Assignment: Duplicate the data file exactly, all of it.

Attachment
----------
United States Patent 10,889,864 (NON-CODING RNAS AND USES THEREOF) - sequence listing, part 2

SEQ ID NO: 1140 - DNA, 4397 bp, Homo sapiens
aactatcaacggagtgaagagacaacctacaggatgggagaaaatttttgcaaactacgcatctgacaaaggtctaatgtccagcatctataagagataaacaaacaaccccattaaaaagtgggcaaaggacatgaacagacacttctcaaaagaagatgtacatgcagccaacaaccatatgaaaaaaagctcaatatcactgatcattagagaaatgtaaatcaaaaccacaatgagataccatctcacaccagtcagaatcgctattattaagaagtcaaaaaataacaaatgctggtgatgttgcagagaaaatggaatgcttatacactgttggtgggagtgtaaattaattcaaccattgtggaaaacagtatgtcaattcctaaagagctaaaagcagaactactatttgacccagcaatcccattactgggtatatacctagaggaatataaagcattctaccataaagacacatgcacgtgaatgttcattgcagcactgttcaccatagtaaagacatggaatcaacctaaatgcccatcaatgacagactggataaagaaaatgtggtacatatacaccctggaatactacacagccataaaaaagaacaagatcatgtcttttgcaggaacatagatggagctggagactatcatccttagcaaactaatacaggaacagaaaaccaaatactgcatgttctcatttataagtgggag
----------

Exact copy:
United States Patent 10,889,864 (NON-CODING RNAS AND USES THEREOF) - sequence listing, part 2

SEQ ID NO: 1140 - DNA, 4397 bp, Homo sapiens
aactatcaacggagtgaagagacaacctacaggatgggagaaaatttttgcaaactacgcatctgacaaaggtctaatgtccagcatctataagagataaacaaacaaccccattaaaaagtgggcaaaggacatgaacagacacttctcaaaagaagatgtacatgcagccaacaaccatatgaaaaaaagctcaatatcactgatcattagagaaatgtaaatcaaaaccacaatgagataccatctcacaccagtcagaatcgctattattaagaagtcaaaaaataacaaatgctggtgatgttgcagagaaaatggaatgcttatacactgttggtgggagtgtaaattaattcaaccattgtggaaaacagtatgtcaattcctaaagagctaaaagcagaactactatttgacccagcaatcccattactgggtatatacctagaggaatataaagcattctaccataaagacacatgcacgtgaatgttcattgcagcactgttcaccatagtaaagacatggaatcaacctaaatgcccatcaatgacagactggataaagaaaatgtggtacatatacaccctggaatactacacagccataaaaaagaacaagatcatgtcttttgcaggaacatagatggagctggagactatcatccttagcaaactaatacaggaacagaaaaccaaatactgcatgttctcatttataagtgggag